Saturday, March 22, 2014

Sex Education: Are we doing enough?

First off, a disclosure: I work part time (very part time, mind you … 4-5 hours a week) as a receptionist at Options for Sexual Health. Opt is an affiliate of the venerable International Planned Parenthood Federation. Our pro-choice and pro-LGTB clinic provides sexual health education, referral and counseling as well as contraceptives, pap tests, STI testing and treatment. Opt “envisions a society that celebrates healthy sexuality, its diversity of expression, and a positive sexual self-image for individuals throughout life”. It’s a great organization.

One might say then that I am biased. They would be right.

Recently Opt posted an article on FB written by Patrice Daniel, a psychotherapist and feminist activist from Barbados. In it she succinctly argues the point that sex education is not only a necessity but a moral imperative. She writes: There is the misconception that giving adolescents accurate information about their sexual and reproductive health and rights will propel them into careless, unfettered sex. In reality, the opposite is true. When adolescents have sound, comprehensive information about the responsibilities associated with sexual activity, they are more likely to delay sexual activity. Those who are sexually active are more likely to adopt responsible practices, such as consistent contraceptive use.

Unlike many other places in the world, British Columbian’s are fortunate. We have, for example, a well regarded K-12 sex ed curriculum and excellent guidelines set out by the BCTF. What we do not have is 1) mandatorycourses in how to teach sex ed—it is up to the teacher to do the research and, 2) a standardized system whereby the school and/or school board makes sure the BCTF guidelines are followed.  Not everyone can teach a science or English class without specialized training, the same goes for sex education. So, despite the fact that we have what seems to be an excellent program we still have situations where a certain organization, previously discredited by the Delta School Board  for giving misinformation about contraceptives and condoms, was allowed to come in to Surrey schools and give presentations to the students.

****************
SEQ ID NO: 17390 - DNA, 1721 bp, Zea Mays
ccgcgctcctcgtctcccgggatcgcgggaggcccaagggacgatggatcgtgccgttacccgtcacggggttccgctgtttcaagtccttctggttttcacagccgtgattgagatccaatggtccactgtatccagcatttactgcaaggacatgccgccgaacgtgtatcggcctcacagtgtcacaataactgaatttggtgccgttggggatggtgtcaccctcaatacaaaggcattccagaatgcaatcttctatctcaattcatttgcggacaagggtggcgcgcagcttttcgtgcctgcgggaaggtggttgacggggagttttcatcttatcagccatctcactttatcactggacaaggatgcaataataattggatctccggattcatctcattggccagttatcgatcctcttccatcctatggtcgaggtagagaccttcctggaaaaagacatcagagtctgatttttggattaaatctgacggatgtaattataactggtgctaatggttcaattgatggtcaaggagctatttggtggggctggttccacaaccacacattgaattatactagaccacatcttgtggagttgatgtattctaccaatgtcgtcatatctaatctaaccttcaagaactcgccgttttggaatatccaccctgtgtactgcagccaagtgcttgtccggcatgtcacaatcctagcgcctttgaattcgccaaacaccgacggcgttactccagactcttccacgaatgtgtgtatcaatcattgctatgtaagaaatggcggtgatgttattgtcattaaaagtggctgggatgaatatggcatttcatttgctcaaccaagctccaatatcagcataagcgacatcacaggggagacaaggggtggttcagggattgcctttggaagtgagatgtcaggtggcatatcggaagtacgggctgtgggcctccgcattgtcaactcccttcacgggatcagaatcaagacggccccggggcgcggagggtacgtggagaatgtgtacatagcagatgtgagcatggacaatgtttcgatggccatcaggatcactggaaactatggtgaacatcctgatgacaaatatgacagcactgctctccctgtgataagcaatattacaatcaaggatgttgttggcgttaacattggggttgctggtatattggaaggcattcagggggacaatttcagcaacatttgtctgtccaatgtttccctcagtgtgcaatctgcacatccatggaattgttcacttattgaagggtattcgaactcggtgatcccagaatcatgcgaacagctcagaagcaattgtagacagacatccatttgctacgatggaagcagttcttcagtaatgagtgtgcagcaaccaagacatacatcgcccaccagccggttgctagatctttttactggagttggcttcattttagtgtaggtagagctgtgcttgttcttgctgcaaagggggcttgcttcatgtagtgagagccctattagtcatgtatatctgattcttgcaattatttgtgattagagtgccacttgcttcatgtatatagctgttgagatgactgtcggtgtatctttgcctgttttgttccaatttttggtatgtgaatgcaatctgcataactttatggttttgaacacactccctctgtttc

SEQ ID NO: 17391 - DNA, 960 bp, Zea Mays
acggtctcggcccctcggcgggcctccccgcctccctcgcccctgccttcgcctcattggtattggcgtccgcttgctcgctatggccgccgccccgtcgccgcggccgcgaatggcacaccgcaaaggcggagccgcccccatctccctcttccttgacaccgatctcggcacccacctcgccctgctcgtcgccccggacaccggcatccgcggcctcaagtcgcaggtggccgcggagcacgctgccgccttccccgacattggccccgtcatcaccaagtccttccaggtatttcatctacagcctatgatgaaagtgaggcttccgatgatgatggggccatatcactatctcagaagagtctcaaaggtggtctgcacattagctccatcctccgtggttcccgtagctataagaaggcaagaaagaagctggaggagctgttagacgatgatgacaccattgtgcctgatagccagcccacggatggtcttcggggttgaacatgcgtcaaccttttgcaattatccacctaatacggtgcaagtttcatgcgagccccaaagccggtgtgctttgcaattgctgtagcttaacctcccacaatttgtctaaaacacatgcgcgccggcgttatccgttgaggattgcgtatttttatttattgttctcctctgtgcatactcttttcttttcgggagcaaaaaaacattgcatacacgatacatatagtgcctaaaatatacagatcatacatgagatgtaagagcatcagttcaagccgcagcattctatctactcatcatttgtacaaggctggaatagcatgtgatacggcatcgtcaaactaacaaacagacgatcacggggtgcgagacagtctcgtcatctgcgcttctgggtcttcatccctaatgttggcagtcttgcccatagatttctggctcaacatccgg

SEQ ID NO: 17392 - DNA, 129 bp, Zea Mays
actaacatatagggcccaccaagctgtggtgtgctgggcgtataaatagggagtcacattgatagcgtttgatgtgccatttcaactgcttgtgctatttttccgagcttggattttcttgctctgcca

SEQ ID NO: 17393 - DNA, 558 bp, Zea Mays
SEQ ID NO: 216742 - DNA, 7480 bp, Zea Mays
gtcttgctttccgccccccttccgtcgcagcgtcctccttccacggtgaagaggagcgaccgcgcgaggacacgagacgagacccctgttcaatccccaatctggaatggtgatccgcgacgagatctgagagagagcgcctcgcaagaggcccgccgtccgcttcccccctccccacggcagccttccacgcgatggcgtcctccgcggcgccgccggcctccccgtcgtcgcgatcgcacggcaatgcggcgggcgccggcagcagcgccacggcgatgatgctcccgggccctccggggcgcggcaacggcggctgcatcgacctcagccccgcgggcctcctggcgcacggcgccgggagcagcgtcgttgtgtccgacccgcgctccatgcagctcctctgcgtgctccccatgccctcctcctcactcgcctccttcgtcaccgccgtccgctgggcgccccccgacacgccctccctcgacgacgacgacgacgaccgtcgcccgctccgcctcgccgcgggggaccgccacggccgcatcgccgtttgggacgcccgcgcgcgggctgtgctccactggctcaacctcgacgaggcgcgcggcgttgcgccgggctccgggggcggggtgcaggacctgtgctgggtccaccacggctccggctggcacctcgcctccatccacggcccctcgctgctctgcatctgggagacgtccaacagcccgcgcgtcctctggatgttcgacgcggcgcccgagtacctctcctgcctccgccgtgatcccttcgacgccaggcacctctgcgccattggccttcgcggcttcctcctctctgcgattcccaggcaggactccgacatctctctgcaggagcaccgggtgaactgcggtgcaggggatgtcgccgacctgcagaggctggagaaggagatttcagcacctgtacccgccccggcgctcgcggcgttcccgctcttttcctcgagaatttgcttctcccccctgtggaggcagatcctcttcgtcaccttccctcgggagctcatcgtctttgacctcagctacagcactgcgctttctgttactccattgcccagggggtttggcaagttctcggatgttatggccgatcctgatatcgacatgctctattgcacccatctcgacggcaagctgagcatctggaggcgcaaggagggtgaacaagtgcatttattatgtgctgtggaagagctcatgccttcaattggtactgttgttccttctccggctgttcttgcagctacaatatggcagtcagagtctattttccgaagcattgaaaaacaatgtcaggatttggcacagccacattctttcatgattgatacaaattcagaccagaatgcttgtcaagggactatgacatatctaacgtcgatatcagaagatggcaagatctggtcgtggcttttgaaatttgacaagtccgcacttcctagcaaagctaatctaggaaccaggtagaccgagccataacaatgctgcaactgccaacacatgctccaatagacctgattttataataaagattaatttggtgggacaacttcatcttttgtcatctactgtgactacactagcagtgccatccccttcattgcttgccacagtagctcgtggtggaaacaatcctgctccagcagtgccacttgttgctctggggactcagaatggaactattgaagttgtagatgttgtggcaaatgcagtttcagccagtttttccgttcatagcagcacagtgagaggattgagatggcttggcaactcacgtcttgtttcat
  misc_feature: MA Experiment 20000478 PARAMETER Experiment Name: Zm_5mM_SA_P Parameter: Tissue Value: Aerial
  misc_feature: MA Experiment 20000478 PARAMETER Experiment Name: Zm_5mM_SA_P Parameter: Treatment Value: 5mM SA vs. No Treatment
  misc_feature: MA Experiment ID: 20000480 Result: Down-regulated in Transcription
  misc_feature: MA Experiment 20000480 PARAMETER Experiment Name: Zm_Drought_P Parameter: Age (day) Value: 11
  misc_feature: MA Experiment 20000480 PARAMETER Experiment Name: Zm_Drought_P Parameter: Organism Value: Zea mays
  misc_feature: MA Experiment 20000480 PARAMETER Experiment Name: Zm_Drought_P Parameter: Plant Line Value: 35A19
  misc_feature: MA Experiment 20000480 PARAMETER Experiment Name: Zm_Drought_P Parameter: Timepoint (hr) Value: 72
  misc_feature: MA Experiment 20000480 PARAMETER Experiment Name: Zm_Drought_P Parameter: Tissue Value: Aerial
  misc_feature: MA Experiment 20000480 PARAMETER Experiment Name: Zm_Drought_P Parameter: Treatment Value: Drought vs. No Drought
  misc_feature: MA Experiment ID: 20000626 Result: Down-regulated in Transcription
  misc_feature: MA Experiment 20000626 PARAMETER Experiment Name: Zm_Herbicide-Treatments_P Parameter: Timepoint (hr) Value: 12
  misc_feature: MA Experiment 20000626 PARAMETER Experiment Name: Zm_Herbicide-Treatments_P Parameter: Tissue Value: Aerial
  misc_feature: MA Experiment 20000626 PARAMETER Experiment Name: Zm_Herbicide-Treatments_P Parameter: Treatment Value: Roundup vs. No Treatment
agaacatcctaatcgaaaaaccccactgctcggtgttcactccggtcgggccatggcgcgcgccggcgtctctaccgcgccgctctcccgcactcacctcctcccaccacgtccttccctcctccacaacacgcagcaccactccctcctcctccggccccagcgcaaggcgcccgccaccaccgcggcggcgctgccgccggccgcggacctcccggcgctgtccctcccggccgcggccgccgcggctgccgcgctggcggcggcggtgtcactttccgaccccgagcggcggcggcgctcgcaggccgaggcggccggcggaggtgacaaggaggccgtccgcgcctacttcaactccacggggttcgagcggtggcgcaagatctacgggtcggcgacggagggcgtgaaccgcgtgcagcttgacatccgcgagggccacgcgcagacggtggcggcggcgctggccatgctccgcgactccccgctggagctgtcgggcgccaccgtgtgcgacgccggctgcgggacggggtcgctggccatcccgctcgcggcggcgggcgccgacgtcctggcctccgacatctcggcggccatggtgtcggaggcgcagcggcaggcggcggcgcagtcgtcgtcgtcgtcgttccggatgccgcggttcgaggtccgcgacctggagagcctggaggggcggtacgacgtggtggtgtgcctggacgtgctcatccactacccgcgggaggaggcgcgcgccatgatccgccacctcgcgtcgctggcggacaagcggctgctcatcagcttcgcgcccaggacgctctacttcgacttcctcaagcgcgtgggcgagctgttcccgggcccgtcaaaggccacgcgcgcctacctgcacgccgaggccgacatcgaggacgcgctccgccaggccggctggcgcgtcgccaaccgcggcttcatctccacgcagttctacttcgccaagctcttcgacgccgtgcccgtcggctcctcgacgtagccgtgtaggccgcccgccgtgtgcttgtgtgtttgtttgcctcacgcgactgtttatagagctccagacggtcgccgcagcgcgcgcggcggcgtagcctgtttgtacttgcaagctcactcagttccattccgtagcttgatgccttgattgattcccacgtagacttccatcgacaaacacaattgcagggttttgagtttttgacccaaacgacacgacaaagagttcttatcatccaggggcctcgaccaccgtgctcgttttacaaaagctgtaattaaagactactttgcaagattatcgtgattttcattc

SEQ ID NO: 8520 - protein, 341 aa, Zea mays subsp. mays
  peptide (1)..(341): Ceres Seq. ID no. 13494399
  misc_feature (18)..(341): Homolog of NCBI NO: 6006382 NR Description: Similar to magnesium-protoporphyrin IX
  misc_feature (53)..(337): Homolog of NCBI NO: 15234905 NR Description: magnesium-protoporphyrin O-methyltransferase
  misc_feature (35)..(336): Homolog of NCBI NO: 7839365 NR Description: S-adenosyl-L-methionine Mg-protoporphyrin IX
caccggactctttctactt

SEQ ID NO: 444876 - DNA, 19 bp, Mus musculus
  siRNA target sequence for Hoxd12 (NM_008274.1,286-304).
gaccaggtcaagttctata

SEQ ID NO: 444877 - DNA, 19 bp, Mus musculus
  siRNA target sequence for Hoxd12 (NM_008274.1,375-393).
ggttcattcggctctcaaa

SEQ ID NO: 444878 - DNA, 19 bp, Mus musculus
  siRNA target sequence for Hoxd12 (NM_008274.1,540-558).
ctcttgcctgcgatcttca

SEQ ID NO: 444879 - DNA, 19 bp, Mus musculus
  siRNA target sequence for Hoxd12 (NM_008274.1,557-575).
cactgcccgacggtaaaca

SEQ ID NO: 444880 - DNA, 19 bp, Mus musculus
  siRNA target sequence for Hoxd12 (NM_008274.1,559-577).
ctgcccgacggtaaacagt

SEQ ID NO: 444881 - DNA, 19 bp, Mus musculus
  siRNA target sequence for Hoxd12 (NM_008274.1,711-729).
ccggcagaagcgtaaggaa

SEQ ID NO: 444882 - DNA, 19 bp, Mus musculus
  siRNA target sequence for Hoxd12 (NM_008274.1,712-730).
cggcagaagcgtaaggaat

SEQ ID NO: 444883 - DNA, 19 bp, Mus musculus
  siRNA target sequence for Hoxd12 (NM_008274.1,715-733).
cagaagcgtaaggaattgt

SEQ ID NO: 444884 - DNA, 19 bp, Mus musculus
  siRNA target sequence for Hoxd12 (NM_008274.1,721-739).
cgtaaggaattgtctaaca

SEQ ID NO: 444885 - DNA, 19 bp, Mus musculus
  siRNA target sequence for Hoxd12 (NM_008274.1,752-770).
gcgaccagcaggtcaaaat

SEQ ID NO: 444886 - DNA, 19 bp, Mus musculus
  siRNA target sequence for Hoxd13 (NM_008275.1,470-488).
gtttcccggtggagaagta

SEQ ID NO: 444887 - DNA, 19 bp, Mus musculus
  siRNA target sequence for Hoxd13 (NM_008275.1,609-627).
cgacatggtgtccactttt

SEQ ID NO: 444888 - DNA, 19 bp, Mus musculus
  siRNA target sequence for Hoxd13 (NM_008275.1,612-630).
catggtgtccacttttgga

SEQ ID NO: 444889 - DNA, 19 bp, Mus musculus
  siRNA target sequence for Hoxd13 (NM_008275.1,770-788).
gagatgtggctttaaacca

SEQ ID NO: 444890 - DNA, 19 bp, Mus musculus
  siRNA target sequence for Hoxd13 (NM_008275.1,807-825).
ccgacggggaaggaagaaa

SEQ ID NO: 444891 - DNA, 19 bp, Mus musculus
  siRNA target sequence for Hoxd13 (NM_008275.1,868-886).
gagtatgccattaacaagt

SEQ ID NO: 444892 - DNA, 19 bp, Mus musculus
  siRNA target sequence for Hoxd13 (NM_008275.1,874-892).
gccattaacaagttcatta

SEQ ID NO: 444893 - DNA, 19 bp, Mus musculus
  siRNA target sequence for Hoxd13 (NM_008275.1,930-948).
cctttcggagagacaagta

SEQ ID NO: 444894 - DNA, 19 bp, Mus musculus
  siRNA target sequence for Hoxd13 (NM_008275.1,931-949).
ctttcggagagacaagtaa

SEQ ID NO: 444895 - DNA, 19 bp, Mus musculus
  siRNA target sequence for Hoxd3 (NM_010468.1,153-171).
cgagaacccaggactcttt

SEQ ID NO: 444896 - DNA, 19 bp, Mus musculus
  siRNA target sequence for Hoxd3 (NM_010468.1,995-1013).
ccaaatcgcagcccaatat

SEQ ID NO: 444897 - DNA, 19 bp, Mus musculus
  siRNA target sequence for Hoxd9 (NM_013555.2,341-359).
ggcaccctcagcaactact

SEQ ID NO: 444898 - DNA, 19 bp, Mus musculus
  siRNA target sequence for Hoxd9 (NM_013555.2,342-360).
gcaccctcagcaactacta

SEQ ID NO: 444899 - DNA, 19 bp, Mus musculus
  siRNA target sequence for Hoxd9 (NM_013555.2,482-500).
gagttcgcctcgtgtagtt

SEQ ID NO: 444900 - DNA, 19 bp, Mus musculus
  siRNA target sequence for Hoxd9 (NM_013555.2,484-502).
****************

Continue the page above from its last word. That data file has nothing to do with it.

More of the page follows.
This lack in oversight is problematic. It was only after a parent complained that the Delta contract was cancelled. In the Surrey case, it was CTV that pushed the school board into action.  I am also concerned about safe environments for the LGBT community. Only one third of BC school districts have voluntarily adopted anti-homophobia policies. One might be inclined to ask, then, if sexual orientation is included in the other two-third's curriculum ... one would be inclined to think not.

Sex education is not about teaching kids to have sex. It is to provide youth with information so they can go safely and knowledgeably out into a world that is buzzing with both implicit and complicit messages about sex. Kids need to know more than just how their body functions.  They need to know how to discern between physical wants and emotional feelings; what their inherent rights are concerning their body; how to do provide healthy self care; how to say no and how to be safe when they say yes; where to get information, counselling and treatment if needed; and that everyone is unique and should not be shamed or ostracized because of their sexual identity.

BC’s curriculum seems, from this fairly untrained eye, to be able to deliver these objectives. What remains, however, is the question of whether it being taught in all of our schools in the spirit of its creation.

The problem is that many of us don’t really know.  We weren’t taught much about sex, if anything, back in our school days and our parents tended to be rather uncommunicative on the subject. Most of us were self taught and some may be still holding on to misinformation gleaned through the pages of Cosmo or the washroom walls. Now we are parents, aunts, uncles and grandparents with kids who are exposed to far more information, both true and false, than we ever were. We need to be better informed as much as they do. The best solution I can offer is to not only interview your child’s Sex Ed teacher but get educated yourself.  Better still, become an “ask-able adult”. There are plenty of options on how to do this from the free resources offered on this link to taking a course like those offered at Options for Sexual Health.

Ms Daniel ends her article with this statement: The Commission on the Status of Women is taking place this week at the United Nations in New York. The meeting aims to address global discrimination against women and girls and the rampant violations of their human rights. The denial of sexual and reproductive health and rights remains a barrier to gender equality and justice. It is time for political decision-makers to not only speak, but implement. Their actions and inaction continue to cost young people, especially girls, their lives. Comprehensive sexuality education in schools is not the enemy. Ignorance is.

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